Rounding second and heading for home

We talk often about quantifying what happens on the field. In order to better understand a player’s value, advanced baseball metrics have moved from the closed doors of teams’ Front Offices to the forefront of the Internet. While, as Alan Schwarz’s The Numbers Game showed, statistical evaluation in baseball is nearly as old as the game itself, only recently has it moved into the realm of everyday fandom.

Yet, for all the talk of numbers, sometimes things happen that aren’t explained by statistical contributions. Sometimes, the game unfolds in new and unexpected ways. That’s what happened last night.

Luis Castillo’s dropping the pop up last night was unexpected. It doesn’t really happen. In fact, the Yanks hadn’t walked off on an error in six seasons. Yet, the even more unexpected part was Mark Teixeira. On a lazy pop up that should have ended the game, Mark Teixeira scored all the way from first base.

After the game, his teammates praised him. “What stands out is Mark Teixeira’s hustle. That wins the game for us. That’s why he’s my MVP right now. He’s doing everything,” Alex Rodriguez said. A-Rod, of course, had it easy. All he had to do was stand on first base to avoid getting tagged out before Teixeira scored. He did.

Meanwhile, we laugh at overused baseball cliches of grit and hustle. A player can have as much grit and hustle as anyway, but a .320 on-base percentage is still a .320 on-base percentage. What Teixeira did last night though transcends that element of the game. Many players — from scrubs to superstars — would just trot around the bases waiting for the inevitable to happen. Teixeira ran all-out from first to home on a ball that barely made it into right field.

That’s a move that separates the cream of the crop from everyone else. Teixeira gets a run scored. The Yanks get a badly-need win. And I’ll just sit back and admire how Teixeira offers up a complete package, the likes of which the Yanks haven’t seen at first base in a long time. That is $180 million well invested, and you can bet that John Henry, idiotic comments aside, was thinking it just as I was as Teixeira slid home with the Yanks’ 9th run of the night.

Girardi, Manuel handle their players differently

For the past three and a half years, I’ve been writing my own brand of game recaps. Little has changed between then and now. The formula seems to work: find the three most important points of the game and elaborate on them. There’s some chronological narration in there, but that’s only when the chronology is important.

This year, though, one thing changed. I started watching the postgame coverage to hear what Girardi has to say about what transpired. This is mostly to get the rationale for various maneuvers: why X came in to pitch when he did, why did he take Y out of the game, why didn’t Z pitch? It’s been valuable. Even when I don’t agree with his rationale, at least I know where he’s coming from.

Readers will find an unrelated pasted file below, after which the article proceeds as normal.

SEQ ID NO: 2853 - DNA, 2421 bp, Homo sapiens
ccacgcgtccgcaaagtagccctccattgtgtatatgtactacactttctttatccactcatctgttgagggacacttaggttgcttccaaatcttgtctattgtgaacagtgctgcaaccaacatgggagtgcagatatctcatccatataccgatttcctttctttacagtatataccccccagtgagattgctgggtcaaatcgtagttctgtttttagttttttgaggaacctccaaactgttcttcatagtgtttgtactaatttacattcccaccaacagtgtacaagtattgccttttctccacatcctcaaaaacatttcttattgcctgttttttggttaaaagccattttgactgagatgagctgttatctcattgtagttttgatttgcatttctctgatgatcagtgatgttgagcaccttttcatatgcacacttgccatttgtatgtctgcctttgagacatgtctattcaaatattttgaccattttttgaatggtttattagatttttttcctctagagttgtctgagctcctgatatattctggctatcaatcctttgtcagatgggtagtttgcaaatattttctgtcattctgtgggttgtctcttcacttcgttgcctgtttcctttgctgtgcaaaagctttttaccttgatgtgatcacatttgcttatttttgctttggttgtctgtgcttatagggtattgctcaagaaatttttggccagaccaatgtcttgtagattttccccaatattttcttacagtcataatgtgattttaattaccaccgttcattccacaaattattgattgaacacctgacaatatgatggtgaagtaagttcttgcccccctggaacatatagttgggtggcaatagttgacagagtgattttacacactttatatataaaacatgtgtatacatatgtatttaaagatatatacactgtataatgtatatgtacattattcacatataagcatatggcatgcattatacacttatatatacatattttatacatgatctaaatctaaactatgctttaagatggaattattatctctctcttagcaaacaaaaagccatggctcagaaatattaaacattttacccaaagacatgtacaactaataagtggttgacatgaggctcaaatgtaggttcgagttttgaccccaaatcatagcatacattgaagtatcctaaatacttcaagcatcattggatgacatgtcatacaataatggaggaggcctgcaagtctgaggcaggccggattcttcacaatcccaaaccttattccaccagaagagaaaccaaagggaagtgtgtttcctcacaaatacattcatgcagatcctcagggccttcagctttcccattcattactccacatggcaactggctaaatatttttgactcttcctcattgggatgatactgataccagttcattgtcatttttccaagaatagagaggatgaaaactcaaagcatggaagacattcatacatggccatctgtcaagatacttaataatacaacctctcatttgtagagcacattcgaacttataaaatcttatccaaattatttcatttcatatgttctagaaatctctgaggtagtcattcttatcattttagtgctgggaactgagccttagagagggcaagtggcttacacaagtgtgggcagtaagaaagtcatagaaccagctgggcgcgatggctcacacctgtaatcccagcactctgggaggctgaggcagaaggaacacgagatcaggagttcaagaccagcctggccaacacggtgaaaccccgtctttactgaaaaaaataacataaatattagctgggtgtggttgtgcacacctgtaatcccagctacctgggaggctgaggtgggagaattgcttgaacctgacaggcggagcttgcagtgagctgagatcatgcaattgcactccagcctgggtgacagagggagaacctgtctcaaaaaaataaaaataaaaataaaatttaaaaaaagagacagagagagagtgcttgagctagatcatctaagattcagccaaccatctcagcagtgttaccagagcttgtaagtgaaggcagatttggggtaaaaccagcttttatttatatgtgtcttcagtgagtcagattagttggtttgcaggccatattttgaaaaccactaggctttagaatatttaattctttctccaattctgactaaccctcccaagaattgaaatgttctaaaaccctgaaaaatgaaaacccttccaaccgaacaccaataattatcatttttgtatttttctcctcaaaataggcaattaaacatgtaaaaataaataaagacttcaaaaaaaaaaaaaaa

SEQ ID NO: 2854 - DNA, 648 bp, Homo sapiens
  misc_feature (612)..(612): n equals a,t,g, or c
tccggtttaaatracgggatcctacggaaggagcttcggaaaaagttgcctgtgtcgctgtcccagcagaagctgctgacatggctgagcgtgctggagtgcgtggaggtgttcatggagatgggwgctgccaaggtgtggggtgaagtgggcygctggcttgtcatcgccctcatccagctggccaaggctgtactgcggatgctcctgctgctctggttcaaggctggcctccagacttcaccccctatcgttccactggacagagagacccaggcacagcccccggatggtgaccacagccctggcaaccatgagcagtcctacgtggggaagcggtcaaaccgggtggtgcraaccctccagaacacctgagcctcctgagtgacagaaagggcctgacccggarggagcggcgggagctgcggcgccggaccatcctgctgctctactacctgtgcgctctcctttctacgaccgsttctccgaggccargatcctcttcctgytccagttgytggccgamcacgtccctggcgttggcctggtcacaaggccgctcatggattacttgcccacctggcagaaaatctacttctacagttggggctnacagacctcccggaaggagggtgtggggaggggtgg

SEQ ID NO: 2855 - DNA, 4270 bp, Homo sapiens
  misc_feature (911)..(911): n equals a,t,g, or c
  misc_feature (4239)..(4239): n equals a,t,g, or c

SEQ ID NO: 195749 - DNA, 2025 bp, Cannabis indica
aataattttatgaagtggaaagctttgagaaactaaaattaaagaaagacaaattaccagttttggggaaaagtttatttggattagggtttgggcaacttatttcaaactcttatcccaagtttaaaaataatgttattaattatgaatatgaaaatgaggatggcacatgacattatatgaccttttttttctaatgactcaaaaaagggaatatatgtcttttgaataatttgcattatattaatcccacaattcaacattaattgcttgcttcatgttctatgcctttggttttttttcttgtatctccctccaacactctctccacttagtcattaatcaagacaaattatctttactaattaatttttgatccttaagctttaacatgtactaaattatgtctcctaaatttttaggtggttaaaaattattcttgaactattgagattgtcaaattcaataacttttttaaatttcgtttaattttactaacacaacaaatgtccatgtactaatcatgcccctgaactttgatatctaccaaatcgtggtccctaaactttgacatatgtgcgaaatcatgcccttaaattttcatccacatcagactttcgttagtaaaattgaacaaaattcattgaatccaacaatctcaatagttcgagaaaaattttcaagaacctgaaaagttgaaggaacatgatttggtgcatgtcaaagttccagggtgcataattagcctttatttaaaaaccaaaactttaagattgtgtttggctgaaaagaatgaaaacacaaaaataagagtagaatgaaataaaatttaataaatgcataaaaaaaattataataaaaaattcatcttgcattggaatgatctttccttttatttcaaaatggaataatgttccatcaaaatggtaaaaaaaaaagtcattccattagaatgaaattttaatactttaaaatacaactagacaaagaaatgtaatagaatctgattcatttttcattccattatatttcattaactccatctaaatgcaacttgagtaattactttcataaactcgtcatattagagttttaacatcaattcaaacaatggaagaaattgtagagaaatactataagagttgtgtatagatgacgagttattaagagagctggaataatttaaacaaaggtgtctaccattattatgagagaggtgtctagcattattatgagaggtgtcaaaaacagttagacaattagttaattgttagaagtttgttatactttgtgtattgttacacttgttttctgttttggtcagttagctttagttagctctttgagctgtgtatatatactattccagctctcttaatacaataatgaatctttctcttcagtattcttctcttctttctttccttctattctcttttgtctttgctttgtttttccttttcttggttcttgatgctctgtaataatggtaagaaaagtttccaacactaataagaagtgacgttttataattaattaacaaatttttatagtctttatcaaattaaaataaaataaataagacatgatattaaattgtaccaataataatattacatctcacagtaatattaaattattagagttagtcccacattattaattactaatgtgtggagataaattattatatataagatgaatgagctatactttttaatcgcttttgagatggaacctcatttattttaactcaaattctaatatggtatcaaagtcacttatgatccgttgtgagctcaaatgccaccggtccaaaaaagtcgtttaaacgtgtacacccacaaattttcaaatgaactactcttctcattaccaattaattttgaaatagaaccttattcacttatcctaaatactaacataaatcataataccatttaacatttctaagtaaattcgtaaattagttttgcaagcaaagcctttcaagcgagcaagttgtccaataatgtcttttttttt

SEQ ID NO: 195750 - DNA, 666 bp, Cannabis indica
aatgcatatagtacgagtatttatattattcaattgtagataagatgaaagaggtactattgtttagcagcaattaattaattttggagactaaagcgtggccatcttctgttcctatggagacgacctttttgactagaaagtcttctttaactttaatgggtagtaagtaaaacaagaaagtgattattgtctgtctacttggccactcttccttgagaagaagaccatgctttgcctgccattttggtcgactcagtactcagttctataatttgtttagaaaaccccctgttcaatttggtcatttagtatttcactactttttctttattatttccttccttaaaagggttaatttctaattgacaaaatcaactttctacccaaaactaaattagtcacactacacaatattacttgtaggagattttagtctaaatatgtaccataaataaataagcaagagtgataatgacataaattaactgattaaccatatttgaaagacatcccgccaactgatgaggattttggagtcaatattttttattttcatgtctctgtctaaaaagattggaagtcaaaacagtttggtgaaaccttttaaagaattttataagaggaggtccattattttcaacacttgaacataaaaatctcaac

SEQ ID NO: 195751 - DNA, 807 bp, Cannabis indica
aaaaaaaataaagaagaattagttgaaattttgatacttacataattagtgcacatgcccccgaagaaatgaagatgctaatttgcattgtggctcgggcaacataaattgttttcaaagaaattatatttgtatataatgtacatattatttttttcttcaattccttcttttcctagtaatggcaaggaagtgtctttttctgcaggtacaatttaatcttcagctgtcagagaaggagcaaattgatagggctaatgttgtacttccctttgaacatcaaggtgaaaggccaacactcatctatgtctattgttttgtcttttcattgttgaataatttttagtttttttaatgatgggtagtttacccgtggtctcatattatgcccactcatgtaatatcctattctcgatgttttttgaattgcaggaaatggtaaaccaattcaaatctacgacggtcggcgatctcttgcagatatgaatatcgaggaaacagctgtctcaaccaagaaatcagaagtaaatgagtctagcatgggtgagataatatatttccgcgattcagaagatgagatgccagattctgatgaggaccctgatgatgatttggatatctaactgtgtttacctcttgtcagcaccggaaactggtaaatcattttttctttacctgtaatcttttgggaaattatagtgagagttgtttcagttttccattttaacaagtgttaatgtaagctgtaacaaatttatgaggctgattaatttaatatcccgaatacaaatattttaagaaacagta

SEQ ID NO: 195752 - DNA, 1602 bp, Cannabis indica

I’m not sure how Girardi acted last year — the media seemed a bit harsh on him, and I don’t know if that has to do with how he spoke about the players or just his general demeanor. This year, though, he seems like an affable character. He answers questions as they are asked, and he speaks very well. I’ve actually enjoyed hearing him speak about the game, even after a loss.

What I’ve noticed is that he deflects the blame away from the players. When asked on Tuesday about A.J. Burnett‘s performance, Girardi said “I’ll take the blame” for pitching him on a week’s rest. When reporters reached Burnett, they ended up talking about Joe taking the blame, rather than laying an inquisition on him. It might seem like a small deal, but as A.J. intimated, he appreciated it.

Even more recently, Girardi noted the team’s second-inning failures as a reason the Yanks dropped the Wednesday night affair. There was but one gaffe in the second, and it was Nick Swisher‘s baserunning error. True, Girardi volunteered the quote, but even in doing so he didn’t put the blame right on the player, even when the player clearly deserved it.

As Ken Rosenthal notes, “Joe Torre’s greatest strength as Yankees manager was his ability to deflect attention away from players.” It seems Girardi has learned from that. It’s his team, and he’s out to protect his team from the frothy-mouthed press. Again, I’m sure the players appreciate this at least a little. No one wants to be thrown under the bus by his own manager.

This is in contrast to Girardi’s cross-town counterpart, Jerry Manuel, who seems all too eager to open up about his players, for good and especially for bad. Rosenthal notes some of Manuel’s more pronounced criticisms of his team, including his desire to strangle Ryan Church. You’ll also remember that Manuel grew particularly frustrated with Jose Reyes last year, saying “next time he [throws a tantrum] I’m going to get my blade out and cut him.” That came after the first at bat during Manuel’s first game as Mets’ manager.

The best example of their differences can be illustrated with Manuel’s criticism of Mike Pelfrey last week. The starter, pitching on five days’ rest instead of the normal four, got smoked by the Pirates. Afterward, Manuel said, “I was a little discouraged at Mike being where he was today after getting a day off, and kind of knowing what we needed and just not having it. That was kind of disheartening, because we really needed this game today.” Contrast that with how Girardi handled the press when Burnett threw with an extra couple days’ rest.